Thursday, 21 February 2019

Me, myself and I

There is an expression we use in Ireland to describe those who put themselves before everybody else. We call them 'mé féiners', putting an English ending to two Irish-language words, 'mé féin', meaning 'myself'.

Basically, you could say these are a type of fundamentalist individualist. 'The greater good for the greater number' only comes into play if it means a significant gain for them. Otherwise, it's not a runner.
Bogotá's car-free day, 'Día sin carro', has been somewhat successful over the years.

The selfish gene
Of course, in many ways, we are all a bit like this, we are quite selfish beings. Many often talk a good 'community game', but on a normal day-to-day basis, it tends to be the self and, maybe, close family that occupy our minds rather than that 'bigger picture'.
“Many wealthy people aren’t prepared to see their living standards drop.”
Take all those wealthy leaders and job creators, be they on the left or on the right, who live in a world far removed from the people they claim to help and represent. They are usually very reluctant to reduce their costly living standards, something that might help society as a whole.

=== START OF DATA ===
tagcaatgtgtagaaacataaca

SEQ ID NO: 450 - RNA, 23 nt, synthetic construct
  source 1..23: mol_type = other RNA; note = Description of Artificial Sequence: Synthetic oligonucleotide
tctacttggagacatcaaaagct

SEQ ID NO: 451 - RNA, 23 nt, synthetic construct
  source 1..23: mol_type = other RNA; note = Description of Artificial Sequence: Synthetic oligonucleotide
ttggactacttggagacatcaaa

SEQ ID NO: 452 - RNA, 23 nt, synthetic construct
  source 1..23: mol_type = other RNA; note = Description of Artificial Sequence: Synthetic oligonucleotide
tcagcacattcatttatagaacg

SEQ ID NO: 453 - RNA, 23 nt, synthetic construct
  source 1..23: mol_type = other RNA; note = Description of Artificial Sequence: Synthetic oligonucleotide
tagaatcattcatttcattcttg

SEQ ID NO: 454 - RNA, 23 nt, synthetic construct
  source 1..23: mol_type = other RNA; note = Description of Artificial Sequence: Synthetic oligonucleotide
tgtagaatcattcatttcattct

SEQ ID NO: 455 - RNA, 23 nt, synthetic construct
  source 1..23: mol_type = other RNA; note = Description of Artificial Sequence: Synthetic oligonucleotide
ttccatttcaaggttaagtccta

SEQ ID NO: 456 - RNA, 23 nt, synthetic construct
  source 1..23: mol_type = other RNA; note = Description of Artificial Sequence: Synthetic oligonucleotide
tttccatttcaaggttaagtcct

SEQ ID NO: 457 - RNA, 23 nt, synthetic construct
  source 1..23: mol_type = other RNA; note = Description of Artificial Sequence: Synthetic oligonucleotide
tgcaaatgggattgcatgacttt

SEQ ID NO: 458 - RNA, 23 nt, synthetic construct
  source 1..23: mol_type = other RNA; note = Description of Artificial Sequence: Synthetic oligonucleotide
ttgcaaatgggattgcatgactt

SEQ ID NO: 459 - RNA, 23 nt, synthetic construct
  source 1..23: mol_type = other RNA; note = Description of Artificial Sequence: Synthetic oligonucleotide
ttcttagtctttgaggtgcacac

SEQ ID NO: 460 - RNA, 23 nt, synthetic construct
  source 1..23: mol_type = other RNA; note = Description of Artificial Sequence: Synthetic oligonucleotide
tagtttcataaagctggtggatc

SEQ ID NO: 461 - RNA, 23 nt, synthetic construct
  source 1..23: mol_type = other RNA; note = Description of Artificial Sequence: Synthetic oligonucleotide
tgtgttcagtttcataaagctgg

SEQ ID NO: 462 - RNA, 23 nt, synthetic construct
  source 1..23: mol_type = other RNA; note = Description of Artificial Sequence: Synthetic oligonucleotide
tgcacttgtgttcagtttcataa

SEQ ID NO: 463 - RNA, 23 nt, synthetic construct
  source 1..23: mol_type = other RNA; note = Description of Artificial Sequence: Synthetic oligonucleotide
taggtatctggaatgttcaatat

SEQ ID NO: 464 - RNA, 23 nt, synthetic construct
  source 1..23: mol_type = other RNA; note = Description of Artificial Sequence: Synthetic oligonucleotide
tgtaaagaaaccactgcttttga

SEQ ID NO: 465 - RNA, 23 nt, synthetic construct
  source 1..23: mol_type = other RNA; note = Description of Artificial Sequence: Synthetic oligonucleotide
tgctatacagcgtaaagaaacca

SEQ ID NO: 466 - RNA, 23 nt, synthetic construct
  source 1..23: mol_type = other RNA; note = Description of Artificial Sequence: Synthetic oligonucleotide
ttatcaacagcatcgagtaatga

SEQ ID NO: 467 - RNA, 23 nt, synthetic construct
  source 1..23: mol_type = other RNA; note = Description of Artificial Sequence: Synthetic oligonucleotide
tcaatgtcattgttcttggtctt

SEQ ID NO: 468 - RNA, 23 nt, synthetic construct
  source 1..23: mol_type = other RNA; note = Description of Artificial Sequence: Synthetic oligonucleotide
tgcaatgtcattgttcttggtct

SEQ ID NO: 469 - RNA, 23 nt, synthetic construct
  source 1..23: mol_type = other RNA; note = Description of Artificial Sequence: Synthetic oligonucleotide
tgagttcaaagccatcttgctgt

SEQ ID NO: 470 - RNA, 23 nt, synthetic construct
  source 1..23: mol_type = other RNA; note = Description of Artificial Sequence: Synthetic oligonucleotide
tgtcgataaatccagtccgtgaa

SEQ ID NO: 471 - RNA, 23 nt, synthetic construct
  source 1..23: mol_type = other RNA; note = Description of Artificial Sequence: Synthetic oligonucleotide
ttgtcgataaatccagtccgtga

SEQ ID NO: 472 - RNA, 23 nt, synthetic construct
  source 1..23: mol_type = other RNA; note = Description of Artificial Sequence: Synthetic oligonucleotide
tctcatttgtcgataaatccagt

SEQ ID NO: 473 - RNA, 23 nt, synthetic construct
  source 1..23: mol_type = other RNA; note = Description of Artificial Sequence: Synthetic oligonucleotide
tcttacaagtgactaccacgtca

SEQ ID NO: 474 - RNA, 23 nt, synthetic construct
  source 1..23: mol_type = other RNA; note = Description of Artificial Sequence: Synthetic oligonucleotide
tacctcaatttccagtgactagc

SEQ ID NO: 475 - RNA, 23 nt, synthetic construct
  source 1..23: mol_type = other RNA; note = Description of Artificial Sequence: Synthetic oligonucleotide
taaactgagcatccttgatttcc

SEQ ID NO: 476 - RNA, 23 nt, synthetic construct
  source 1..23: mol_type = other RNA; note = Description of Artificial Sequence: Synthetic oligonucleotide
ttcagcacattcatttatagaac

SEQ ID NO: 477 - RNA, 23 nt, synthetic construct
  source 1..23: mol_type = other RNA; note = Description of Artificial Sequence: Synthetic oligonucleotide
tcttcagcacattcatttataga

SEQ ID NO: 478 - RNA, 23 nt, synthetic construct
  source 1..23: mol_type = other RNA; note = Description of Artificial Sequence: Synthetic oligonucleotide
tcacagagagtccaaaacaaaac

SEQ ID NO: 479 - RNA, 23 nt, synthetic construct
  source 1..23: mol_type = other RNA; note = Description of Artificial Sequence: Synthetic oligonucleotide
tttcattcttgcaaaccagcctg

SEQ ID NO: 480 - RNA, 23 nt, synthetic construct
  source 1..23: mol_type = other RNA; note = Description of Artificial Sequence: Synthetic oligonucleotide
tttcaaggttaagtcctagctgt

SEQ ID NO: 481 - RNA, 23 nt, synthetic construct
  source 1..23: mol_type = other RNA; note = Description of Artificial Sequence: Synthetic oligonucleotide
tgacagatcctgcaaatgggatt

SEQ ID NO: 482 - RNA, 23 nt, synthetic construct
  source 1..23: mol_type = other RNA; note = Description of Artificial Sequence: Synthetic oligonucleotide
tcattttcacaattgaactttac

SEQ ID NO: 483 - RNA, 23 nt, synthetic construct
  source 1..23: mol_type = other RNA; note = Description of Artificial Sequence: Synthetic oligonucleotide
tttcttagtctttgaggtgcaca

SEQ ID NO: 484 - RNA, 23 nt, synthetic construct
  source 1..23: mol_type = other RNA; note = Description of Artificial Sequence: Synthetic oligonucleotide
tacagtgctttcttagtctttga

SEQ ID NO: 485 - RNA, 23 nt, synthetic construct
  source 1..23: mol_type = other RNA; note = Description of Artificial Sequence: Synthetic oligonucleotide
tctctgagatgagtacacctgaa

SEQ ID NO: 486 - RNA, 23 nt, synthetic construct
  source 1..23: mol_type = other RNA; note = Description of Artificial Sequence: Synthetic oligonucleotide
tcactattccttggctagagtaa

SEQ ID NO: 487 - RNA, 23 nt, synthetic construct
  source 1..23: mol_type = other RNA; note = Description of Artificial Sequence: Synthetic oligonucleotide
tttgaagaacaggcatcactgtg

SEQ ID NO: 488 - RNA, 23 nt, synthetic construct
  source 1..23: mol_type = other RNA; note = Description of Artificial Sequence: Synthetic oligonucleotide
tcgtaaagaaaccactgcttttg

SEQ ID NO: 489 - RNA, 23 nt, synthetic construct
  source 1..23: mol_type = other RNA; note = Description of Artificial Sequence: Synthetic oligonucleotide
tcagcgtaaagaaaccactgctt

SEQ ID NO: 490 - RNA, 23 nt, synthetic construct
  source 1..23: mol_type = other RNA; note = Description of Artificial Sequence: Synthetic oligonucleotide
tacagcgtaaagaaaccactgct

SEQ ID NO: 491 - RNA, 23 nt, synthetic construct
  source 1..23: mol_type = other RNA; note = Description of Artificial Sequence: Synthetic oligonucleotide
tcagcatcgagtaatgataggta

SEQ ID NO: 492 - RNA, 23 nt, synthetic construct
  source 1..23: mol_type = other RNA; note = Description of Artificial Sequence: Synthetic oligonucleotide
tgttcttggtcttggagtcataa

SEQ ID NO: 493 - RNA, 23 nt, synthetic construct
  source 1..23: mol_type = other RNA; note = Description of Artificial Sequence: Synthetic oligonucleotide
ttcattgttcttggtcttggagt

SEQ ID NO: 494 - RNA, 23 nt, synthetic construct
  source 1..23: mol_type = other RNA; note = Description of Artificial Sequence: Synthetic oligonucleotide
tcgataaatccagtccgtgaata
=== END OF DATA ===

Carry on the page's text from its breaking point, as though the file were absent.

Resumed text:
Accidental goodness
On many occasions, that self-centred interest, more by accident than design, is favourable to more than just those closest to us. We, most of us I like to think anyway, work hard to have a better living, add more meaning to our existence, and others who we don't know, who we've never met, benefit from this.

This work ethic contributes to the greater good — this applies less so to some areas of employment than others. (Again, what are those politicians about?)

However, on other occasions, and more frequently it could be argued, this self-centredness doesn't add anything at all to the collective good.

Here in Bogotá, a city with considerable traffic congestion, you have those who insist on taking their private cars to work even when they don't really need to. What's more, the wealthier types have a number of vehicles at their disposal in order to circumvent some well-intentioned measures aimed at reducing traffic volume.
“No matter what we do, we’re doomed anyway.”